PSYCHOLOGICAL ASPECTS of CUSTOMER SERVICE

By Rhoades, Merle | Career Planning and Adult Development Journal, Winter 2016 | Go to article overview

PSYCHOLOGICAL ASPECTS of CUSTOMER SERVICE


Rhoades, Merle, Career Planning and Adult Development Journal


Introduction

Every organization, including businesses and schools, should take steps in providing excellent customer services; both internally and externally. All employees are responsible for developing excellent customer service. Using psychology in understanding various types of personalities and applying tools that are adaptable to each human behavior style can make a difference in building better relationships and providing excellent customer service.

In using the term "Customer Service," most people think of only the business community where a company provides assistance to the people who buy or use its products or services. However, customer service goes beyond the business community. It is the ability to develop trust, understanding and communication of the customer's needs and wants; this can take place in any organization including schools. It is the relationship between two or more people. It can be external (outside of the organization) or internal (inside the organization.) It involves people, personalities, and human behavior.

Poor customer service costs billions of dollars each year in business and industry; it also costs internally with turnovers caused from conflicts, stress, and communication problems between coworkers or supervisors due to the lack of understanding of one another. The writer of this article has spent many years in studying human behavior within and outside of various organizations. He recently coauthored a book with Carolyn Kalil called Brighten Up Your Internal and External Customers Service Through Inner Heroes. In this paper, he focuses on four key areas of customer service:

* Psychological Aspects

* Stress and Personalities

* Verbal and Nonverbal Communications

* Conflict and the Irate Customer

What are the Psychological Aspects of Customer Service and It's Importance?

Poor customer service costs U.S. companies $41 billion a year according to a research study by NewVoiceMedia. According to the research, 93% of the customers who received inadequate service will take action. The study also revealed that 59% of the people between the ages of 25 and 34 say that they have experienced poor customer service on the internet with 34% admitting that when that happens, they take revenge. Research done by Bain Consulting shows that a 5% increase in customer retention can increase a company's profitability by 75%. Gartner Group (and others) often say that 80% of your company's future revenue will come from 20% of your existing customers. Lee Resource Inc. says that attracting new customers will cost your company five times more than keeping an existing customer."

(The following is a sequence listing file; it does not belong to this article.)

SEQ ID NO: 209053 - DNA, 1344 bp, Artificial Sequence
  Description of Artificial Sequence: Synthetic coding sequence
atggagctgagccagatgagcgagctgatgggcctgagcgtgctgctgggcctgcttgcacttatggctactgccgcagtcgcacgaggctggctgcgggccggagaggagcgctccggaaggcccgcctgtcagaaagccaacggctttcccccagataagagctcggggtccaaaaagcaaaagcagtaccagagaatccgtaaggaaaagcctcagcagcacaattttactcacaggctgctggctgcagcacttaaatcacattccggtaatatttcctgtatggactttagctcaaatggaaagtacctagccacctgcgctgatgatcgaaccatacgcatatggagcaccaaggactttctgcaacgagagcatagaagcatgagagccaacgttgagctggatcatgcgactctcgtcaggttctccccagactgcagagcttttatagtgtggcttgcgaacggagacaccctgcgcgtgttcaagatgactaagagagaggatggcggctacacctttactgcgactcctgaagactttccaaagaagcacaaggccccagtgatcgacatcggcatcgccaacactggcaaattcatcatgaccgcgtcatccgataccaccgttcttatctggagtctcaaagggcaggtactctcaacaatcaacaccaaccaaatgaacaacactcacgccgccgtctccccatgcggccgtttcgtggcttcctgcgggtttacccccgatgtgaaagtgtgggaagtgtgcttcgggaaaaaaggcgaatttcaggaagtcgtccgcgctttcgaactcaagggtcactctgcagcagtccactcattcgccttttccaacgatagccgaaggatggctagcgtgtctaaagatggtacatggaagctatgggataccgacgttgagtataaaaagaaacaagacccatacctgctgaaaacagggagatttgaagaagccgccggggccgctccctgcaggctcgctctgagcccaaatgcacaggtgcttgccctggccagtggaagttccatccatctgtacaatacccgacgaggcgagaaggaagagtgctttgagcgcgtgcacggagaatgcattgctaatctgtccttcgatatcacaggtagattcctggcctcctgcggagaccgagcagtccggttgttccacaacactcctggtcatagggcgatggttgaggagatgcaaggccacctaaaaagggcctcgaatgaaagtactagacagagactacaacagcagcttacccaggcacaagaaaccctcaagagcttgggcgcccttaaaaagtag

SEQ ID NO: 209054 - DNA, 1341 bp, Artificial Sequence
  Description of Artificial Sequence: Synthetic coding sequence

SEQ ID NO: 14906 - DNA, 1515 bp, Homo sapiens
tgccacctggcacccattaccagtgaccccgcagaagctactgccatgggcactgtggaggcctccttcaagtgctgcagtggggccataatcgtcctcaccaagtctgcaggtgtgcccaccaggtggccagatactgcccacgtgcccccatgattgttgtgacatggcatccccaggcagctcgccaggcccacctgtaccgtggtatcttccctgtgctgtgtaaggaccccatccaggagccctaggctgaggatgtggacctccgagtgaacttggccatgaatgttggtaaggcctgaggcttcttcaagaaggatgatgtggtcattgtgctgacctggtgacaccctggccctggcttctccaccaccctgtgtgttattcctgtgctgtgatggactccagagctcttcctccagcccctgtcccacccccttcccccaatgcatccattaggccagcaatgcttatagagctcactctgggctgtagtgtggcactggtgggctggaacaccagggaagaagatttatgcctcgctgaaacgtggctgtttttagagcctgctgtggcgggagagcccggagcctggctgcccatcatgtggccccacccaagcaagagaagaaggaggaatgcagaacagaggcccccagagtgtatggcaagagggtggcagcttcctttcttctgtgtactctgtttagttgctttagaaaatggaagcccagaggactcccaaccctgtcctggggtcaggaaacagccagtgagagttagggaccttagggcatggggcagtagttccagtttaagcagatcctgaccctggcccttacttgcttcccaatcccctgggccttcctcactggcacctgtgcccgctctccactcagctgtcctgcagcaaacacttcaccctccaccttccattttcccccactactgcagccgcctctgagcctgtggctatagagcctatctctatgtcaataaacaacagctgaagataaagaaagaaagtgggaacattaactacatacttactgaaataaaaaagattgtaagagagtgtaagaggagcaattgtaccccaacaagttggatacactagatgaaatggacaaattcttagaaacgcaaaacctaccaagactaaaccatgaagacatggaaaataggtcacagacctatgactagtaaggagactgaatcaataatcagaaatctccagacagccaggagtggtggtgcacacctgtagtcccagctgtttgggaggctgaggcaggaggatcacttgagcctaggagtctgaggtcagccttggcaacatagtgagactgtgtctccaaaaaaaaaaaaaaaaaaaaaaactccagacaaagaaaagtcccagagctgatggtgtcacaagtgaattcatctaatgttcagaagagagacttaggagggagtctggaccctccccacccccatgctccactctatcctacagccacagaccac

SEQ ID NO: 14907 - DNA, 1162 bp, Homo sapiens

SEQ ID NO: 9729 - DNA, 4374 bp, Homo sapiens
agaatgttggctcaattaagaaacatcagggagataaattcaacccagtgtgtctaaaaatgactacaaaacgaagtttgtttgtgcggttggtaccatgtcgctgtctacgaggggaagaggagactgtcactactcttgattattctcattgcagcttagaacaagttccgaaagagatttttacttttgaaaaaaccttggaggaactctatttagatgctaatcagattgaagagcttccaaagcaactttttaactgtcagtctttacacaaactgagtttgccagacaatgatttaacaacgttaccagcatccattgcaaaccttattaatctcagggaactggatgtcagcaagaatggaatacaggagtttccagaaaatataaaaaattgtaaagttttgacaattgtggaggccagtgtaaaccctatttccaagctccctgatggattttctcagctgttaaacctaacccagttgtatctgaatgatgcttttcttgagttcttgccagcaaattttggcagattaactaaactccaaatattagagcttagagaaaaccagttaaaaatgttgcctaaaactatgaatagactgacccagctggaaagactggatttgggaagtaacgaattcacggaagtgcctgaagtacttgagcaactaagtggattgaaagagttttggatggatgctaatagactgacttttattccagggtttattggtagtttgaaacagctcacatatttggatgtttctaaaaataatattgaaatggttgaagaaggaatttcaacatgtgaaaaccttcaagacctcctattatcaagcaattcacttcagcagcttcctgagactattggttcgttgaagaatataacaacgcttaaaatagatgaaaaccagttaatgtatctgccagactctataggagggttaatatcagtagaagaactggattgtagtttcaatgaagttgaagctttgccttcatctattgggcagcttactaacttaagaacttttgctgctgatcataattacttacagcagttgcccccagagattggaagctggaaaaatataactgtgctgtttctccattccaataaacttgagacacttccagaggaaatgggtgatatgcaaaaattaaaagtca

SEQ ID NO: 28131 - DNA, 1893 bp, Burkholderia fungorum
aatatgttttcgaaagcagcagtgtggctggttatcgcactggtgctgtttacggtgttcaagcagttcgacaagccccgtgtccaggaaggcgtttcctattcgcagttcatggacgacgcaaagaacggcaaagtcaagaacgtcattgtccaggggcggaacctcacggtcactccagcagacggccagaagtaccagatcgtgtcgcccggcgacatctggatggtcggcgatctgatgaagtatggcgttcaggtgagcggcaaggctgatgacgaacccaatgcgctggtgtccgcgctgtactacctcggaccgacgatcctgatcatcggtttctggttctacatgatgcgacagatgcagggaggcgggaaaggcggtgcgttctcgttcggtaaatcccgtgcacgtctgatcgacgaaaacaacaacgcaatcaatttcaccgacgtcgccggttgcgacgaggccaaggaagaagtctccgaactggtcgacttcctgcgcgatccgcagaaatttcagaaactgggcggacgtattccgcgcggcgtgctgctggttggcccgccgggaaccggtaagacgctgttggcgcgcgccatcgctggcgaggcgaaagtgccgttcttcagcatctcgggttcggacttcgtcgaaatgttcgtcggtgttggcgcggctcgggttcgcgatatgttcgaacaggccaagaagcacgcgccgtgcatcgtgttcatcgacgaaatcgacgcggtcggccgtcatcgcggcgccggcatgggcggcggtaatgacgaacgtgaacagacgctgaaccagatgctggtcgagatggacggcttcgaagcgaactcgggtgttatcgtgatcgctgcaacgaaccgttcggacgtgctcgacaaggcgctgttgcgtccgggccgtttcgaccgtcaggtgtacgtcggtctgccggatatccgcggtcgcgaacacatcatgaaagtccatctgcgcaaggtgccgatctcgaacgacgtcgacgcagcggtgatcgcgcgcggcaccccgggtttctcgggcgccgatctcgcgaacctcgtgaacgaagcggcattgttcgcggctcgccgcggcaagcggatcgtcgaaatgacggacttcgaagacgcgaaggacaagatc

Author and consultant Gregory Smith wrote, "It takes an average of seven calls for a salesperson to close a new account versus three calls to close the sale of an existing customer." Businesses have learned the needs of existing customers, but it takes time to discover the needs of a new customer.

Attracting new customers is expensive. It takes time to find a new customer and develop trust. It costs money to market your products, services, and company's reputation. It may take several months of business to offset the account's start-up costs.

Why do customers leave? Some customers die (1%); some move away (3%); some leave because of product dissatisfaction (14%); some leave because of the price (9%). However, some research studies indicate that 68% of the customers leave because they felt the business associate did not care. The "indifferent" attitude is where the psychological aspect comes into play with customer service.

There are other statistics revealed in a new book published by Dr. Merle Rhoades and Carolyn Kalil titled, Brighten Up Your Internal and External Customers through Inner Heroes. The book, filled with examples of internal and external customer situations, show how the understanding of inner heroes work within both customer groups.

Internal customers are the people who you work with inside of an organization. …

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